Energy production is one of the leading contributors to climate change. Meanwhile, the potential for additional renewable energy in the region is enormous – both for larger generating stations like wind farms to small, distributed systems like rooftop solar. The costs of renewable energy are dropping rapidly, making renewables more affordable and viable for the consumer market.

Acadia Center advances policies that level the playing field so renewable power can fairly compete and flourish. Distributed energy resources such as rooftop solar produce clean energy while enhancing customer control over energy bills and reducing the need for polluting power plants and grid infrastructure. Acadia Center’s Next Generation Solar Framework provides a sustainable policy approach that compensates solar based on demonstrated value, while ensure equitable payment for maintenance of the grid.

More broadly, policies like renewable portfolio standards (RPS) provide incentives for clean energy options, allowing competition with fossil fuel-based energy that has the incumbent market advantage. Large-scale purchases can also help to promote deployment of renewable energy by achieving economies of scale and facilitating project financing and construction of transmission needed to transport renewable energy from remote locations to consumers.

Acadia Center also advocates market-based solutions that account for the climate impacts of burning fuels by charging a fee for releasing CO2 into the atmosphere. In the Northeast, this model has been successfully applied in the power sector through the Regional Greenhouse Gas Initiative (RGGI). RGGI has helped Northeast and Mid-Atlantic states reduce power plant emissions significantly while generating economic and health benefits in the region, and this effective model can and should be exported to other states, and to cover additional sectors such as transportation and heating fuels. Emissions reductions can also be achieved by placing a direct price on pollution through a carbon fee that promotes changes in behavior and levels the playing field for cleaner energy supplies.

Throughout the energy system, from large-scale generating facilities to small-scale, customer-sited power sources, policies need to account for the full value of different types of energy resources. Using this information, leaders need to commit to using the cleanest affordable options. That means considering all of our energy options rather than defaulting to large, supply-side infrastructure. It also means fully accounting for lifecycle emissions, and assessing how efficiency can reduce demand. In homes and businesses, increasing access to advanced renewable thermal technologies through energy efficiency retrofits and building codes will make it easier for consumers to adopt clean fuels and save on their energy bills. Advanced cold-climate heat pumps, solar thermal, and low-emission, sustainably sourced biomass can reduce GHG emissions and decrease our reliance on imported fossil fuels.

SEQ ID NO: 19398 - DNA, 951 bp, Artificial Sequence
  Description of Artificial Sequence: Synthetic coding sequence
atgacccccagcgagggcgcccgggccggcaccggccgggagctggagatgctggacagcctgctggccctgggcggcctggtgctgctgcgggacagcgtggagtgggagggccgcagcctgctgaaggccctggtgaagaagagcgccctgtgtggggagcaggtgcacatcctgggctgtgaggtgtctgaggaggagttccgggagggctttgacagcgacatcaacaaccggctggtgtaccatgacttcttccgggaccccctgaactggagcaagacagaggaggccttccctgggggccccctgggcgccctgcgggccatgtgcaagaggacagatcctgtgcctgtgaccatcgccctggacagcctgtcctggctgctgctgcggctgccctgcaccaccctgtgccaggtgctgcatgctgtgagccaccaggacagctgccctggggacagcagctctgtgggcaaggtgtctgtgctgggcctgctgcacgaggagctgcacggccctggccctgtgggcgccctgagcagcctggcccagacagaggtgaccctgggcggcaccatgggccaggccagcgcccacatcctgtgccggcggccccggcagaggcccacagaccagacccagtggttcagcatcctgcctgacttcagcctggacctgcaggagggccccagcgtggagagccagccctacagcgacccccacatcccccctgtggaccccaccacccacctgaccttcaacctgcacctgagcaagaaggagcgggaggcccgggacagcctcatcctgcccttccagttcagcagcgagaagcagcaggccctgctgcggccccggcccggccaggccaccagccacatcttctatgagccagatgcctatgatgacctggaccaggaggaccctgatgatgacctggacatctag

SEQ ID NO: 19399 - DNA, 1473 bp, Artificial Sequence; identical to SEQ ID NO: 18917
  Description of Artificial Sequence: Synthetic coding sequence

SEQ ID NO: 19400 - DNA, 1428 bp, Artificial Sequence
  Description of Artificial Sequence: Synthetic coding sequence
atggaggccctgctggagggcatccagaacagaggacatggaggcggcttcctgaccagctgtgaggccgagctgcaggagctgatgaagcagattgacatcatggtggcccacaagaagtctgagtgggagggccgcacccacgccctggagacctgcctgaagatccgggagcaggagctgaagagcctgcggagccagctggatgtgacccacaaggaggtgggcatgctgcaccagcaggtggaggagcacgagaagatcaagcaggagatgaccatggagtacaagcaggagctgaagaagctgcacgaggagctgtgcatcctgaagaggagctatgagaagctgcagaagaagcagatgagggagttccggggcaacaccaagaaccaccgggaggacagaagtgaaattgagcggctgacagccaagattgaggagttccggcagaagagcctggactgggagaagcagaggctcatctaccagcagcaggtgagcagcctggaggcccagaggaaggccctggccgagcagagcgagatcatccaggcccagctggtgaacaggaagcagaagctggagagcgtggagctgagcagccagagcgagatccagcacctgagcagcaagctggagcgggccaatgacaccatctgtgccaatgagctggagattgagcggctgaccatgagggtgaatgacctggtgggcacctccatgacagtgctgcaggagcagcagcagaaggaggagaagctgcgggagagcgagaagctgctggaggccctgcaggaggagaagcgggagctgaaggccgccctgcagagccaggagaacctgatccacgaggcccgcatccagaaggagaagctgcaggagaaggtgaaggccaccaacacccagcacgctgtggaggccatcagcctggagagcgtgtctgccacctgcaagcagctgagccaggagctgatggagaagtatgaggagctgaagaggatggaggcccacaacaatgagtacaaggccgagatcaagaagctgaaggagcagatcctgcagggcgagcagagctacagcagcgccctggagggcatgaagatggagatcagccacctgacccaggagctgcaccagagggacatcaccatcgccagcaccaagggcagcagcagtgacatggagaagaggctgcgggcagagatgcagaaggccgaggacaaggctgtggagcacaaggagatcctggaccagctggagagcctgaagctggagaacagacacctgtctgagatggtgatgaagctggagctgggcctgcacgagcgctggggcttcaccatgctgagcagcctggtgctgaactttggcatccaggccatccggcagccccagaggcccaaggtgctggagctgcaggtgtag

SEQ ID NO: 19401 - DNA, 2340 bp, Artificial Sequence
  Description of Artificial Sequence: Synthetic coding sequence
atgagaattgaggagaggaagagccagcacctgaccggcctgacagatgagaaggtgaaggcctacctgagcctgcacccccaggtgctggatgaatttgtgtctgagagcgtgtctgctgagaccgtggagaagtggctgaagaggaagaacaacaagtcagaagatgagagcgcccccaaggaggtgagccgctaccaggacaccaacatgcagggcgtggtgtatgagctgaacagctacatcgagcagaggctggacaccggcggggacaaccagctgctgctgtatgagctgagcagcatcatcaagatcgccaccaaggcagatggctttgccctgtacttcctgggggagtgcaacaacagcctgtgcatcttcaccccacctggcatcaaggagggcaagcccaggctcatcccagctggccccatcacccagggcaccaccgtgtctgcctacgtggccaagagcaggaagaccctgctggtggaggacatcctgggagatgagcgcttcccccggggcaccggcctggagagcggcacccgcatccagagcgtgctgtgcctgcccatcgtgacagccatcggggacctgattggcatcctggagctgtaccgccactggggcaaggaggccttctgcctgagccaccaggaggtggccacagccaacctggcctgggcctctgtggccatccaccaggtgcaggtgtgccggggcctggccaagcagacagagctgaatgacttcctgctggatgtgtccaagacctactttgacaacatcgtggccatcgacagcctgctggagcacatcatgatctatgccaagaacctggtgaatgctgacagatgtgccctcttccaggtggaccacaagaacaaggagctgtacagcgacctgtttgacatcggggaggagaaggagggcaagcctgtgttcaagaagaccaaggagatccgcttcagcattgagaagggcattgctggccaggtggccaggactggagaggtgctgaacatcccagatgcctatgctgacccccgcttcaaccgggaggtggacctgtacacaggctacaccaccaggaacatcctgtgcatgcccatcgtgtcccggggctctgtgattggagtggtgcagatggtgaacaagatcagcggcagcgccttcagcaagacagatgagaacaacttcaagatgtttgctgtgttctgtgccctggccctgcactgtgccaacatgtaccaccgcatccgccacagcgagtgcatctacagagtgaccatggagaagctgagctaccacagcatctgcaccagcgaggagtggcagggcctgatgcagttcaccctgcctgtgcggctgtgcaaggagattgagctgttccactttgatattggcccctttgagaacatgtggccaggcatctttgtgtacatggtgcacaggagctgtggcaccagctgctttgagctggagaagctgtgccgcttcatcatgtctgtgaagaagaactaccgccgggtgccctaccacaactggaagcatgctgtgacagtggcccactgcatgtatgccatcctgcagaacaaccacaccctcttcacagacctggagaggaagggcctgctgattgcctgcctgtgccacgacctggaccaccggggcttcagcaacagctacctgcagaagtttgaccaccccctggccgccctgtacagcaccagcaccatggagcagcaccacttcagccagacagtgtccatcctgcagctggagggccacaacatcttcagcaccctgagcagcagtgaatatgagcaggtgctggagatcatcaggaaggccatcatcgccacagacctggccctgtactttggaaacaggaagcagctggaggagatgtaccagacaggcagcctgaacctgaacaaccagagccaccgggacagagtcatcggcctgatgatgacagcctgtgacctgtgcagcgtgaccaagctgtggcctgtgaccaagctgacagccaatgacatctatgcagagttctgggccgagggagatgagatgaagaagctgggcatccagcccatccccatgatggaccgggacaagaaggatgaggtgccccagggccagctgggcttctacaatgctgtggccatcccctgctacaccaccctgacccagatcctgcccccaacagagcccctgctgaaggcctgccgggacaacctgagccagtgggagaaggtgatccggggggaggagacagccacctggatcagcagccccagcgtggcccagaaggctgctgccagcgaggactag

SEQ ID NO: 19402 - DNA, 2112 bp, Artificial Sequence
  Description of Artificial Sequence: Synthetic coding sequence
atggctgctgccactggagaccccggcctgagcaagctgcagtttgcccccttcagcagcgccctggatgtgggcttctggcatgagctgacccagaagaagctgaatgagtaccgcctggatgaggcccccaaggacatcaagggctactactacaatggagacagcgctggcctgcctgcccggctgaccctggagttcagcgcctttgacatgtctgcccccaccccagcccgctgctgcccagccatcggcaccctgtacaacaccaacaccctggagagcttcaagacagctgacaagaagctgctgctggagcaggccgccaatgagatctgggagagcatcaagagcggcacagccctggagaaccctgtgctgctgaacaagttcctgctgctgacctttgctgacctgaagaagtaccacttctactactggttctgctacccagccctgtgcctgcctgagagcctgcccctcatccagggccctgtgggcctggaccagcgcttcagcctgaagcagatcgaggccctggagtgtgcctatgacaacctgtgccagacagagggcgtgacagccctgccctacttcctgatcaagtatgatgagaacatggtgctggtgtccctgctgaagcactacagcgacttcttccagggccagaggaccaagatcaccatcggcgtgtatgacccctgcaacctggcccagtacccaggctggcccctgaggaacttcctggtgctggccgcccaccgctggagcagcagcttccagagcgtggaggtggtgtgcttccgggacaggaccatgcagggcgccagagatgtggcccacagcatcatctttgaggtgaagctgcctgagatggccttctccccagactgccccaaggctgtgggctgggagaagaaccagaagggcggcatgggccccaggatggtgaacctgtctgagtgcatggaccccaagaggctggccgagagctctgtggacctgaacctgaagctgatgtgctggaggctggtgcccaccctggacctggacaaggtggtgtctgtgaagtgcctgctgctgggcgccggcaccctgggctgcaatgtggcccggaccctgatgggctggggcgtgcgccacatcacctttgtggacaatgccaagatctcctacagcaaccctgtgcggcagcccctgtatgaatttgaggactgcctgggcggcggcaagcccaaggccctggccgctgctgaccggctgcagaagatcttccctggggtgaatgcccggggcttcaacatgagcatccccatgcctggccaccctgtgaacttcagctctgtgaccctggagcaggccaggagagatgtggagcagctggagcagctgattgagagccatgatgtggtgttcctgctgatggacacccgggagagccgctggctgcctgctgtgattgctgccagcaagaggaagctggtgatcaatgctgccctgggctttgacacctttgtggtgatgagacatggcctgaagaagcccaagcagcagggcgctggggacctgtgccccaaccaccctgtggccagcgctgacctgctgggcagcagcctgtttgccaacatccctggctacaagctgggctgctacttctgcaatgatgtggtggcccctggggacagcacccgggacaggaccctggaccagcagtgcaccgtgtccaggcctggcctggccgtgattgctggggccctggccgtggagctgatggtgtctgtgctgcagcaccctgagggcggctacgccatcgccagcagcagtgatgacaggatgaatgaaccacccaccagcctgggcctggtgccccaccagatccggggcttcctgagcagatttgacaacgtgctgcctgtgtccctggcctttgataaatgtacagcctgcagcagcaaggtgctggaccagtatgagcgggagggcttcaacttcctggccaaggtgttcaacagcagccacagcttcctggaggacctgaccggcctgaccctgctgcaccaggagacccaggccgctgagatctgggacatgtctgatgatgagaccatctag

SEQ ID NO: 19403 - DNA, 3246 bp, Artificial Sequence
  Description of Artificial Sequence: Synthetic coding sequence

Cutting emissions from vehicles, travel, and freight is closely related to clean energy supply strategies. See our Transportation initiative for more.

 

  • Transportation Climate Policy in Rhode Island

    Rhode Island’s transportation system—its network of highways, trains, public transit, airports, ports, and walking and biking corridors—is vital to the state’s economy. It facilitates the movement of goods and connects people to jobs, shopping, recreation, and other services. However, the system needs critical improvements to address major challenges and better serve the state’s communities and businesses.

  • Acadia Center Summary of 2018 Clean Energy Legislation in MA Page 1

    Acadia Center Summary of 2018 Clean Energy Legislation in MA

    On July 31, 2018, the Massachusetts House and Senate passed H.4857, An Act to Advance Clean Energy. On August 9, 2018, Governor Baker signed this bill into law, now Chapter 227 of the Acts of 2018. This documents summarizes the legislation and key implications.

  • Assessing New York’s Proposed ‘New Efficiency’ Initiative

    In 2018, New York released a new energy efficiency strategy that centers on a 2025 energy savings target of 185 trillion British thermal units. Acadia Center analyzed this new target and its underlying initiatives to determine whether it would maximize energy efficiency's benefits for New York. Based on that analysis, Acadia Center offers four recommendations for strengthening the plan.

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